12 March 2017 | JvH48
Three mystery tours through Johannesburg, not to sightsee architecture but rather how people there interact, mostly self-serving their own interests but not always
Seen at the Berlinale 2017, where it was part of the Panorama section. After reading the synopsis about three people going to Johannesburg, or Joburg for short, none of them prepared for what to find there, we can expect sort of a mystery tour through the city. Better still: we get three such tours, a few times crossing each other's paths, while following three people (four, as one has a little girl with her). Their respective backgrounds as well as their mission in Joburg are shown to us in some introductory scenes, demonstrating most of all their unpreparedness for their tasks ahead.
In the seemingly lawless parts of the city, it looks very well as if our protagonists are all doomed to end nastily, or at best to return "tail between legs" healthy but missions unfulfilled. They are going downhill from the start, and get deeper in trouble with every step. The world where they come from, is very different from what they find here in Joburg, where survival of the fittest is the norm. In short, the very opposite of the "one for all, all for one" principle. Initially they don't see their problematic situation yet, and trust the people they meet as they are used to do where they came from. Important in this context is to note that, the whole movie long, there is no sight of any authority, police force, or anything else that can enforce laws and other rules of engagement.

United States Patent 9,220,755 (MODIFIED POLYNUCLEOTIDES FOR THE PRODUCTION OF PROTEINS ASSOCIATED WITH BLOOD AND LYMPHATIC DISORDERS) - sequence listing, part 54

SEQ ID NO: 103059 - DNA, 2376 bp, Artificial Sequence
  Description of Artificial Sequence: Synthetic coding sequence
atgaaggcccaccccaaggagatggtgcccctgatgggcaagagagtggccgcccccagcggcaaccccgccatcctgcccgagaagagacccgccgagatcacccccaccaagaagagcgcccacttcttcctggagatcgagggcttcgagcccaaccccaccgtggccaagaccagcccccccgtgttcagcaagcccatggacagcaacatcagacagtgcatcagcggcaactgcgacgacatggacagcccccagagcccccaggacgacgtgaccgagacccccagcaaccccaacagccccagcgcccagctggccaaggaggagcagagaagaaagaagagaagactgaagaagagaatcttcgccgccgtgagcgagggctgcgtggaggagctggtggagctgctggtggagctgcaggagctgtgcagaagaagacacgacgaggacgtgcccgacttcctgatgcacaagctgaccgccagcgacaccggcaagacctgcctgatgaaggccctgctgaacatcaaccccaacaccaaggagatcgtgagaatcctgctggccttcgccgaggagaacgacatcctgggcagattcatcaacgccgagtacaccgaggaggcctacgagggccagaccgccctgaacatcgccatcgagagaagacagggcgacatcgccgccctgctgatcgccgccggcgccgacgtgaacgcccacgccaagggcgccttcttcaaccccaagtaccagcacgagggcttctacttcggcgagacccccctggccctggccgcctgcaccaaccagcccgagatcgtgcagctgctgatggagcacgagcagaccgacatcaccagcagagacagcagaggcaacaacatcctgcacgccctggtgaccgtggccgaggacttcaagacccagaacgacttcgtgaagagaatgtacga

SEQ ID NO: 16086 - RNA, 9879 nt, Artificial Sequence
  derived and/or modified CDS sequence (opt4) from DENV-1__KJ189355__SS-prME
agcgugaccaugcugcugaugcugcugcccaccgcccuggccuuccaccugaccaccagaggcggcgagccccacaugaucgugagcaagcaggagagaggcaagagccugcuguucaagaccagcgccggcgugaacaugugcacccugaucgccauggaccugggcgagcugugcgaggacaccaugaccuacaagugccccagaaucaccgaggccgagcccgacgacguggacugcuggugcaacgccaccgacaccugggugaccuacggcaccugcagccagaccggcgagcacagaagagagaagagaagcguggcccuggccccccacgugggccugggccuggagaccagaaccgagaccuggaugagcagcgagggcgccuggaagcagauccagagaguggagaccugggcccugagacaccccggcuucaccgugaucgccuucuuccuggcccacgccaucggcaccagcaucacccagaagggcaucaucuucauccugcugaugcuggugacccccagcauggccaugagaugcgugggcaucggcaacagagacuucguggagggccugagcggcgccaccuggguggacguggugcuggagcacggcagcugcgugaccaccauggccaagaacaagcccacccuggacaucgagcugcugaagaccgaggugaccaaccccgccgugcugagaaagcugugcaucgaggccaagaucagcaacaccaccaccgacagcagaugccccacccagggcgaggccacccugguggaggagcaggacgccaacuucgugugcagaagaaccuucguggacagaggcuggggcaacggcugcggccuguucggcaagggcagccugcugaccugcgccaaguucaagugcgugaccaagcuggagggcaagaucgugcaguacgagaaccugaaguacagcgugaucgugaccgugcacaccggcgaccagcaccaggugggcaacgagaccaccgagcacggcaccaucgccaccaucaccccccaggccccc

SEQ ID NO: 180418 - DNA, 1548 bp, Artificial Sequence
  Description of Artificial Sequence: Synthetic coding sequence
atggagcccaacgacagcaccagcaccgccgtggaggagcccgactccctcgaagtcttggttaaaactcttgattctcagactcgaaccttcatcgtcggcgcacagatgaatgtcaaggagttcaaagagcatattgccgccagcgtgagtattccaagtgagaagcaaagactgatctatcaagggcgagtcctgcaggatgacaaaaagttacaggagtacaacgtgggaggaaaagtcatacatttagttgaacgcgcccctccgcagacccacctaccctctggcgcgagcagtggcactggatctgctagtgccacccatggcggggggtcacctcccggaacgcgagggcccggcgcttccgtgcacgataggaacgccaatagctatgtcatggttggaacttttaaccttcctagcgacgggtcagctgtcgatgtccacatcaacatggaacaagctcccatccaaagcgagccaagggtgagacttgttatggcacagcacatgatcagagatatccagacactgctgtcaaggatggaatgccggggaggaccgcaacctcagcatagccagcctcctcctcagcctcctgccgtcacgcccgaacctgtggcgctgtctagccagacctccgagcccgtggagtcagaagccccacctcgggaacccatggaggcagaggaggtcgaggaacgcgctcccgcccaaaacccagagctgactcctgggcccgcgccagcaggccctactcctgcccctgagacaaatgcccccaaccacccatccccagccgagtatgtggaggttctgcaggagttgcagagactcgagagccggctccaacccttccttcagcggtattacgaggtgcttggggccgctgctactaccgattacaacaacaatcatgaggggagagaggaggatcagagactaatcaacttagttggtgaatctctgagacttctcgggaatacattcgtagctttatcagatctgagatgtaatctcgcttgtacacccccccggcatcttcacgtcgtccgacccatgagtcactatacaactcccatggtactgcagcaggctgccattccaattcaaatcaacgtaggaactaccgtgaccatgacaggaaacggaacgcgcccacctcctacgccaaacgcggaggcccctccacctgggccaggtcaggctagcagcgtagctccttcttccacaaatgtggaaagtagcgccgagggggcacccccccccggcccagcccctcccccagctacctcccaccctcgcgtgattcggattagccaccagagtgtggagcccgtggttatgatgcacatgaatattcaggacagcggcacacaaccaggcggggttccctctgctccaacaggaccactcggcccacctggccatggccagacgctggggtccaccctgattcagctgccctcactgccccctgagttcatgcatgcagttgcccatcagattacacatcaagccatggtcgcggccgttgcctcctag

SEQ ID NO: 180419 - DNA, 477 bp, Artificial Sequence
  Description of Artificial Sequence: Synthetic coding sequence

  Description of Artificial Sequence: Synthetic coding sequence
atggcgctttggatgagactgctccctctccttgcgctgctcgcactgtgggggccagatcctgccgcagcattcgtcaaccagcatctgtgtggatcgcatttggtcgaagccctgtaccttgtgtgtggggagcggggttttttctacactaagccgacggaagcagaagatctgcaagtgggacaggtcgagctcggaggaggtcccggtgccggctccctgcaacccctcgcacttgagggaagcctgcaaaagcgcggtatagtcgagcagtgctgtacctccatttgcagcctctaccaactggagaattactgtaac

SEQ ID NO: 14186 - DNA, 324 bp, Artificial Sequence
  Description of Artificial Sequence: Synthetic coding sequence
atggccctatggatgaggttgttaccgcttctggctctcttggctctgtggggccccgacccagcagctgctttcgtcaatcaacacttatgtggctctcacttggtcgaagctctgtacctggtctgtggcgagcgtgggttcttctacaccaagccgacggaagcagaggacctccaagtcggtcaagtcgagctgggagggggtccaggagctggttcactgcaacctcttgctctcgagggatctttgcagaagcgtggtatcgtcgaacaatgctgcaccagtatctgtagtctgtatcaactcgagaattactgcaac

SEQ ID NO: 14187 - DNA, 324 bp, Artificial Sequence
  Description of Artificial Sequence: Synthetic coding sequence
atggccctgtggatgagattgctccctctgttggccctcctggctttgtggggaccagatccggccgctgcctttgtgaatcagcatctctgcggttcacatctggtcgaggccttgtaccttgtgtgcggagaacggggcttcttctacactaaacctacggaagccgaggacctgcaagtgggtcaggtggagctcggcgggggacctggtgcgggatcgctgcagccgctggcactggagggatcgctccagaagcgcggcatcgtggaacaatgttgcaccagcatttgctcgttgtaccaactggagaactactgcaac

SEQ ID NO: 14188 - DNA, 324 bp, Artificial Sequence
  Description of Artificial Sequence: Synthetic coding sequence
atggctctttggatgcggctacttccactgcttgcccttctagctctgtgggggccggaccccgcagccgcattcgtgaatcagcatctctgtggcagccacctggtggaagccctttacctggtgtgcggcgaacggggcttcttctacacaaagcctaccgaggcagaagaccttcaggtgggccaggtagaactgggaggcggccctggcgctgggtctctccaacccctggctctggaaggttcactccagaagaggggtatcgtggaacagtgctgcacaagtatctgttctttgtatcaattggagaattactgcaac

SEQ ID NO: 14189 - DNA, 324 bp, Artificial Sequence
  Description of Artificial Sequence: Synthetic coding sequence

All in all, an interesting sightseeing tour, not so much for the architecture but rather the people living there and how they interact, most of the time self-serving their own interests, yet a few times helping each other but not as a matter of course. The screenplay is well designed, even the man in the phone booth who we see appear a few times in the beginning, despite his initial defiant attitude, gets an important and positive role in the end. Finally, two small facts I learned from the Q&A. A lot of stories are combined in this movie, so "based on true stories" is true but it is not possible to provide for a solid reference to one book or some such. The title Vaya translates to: Go Away.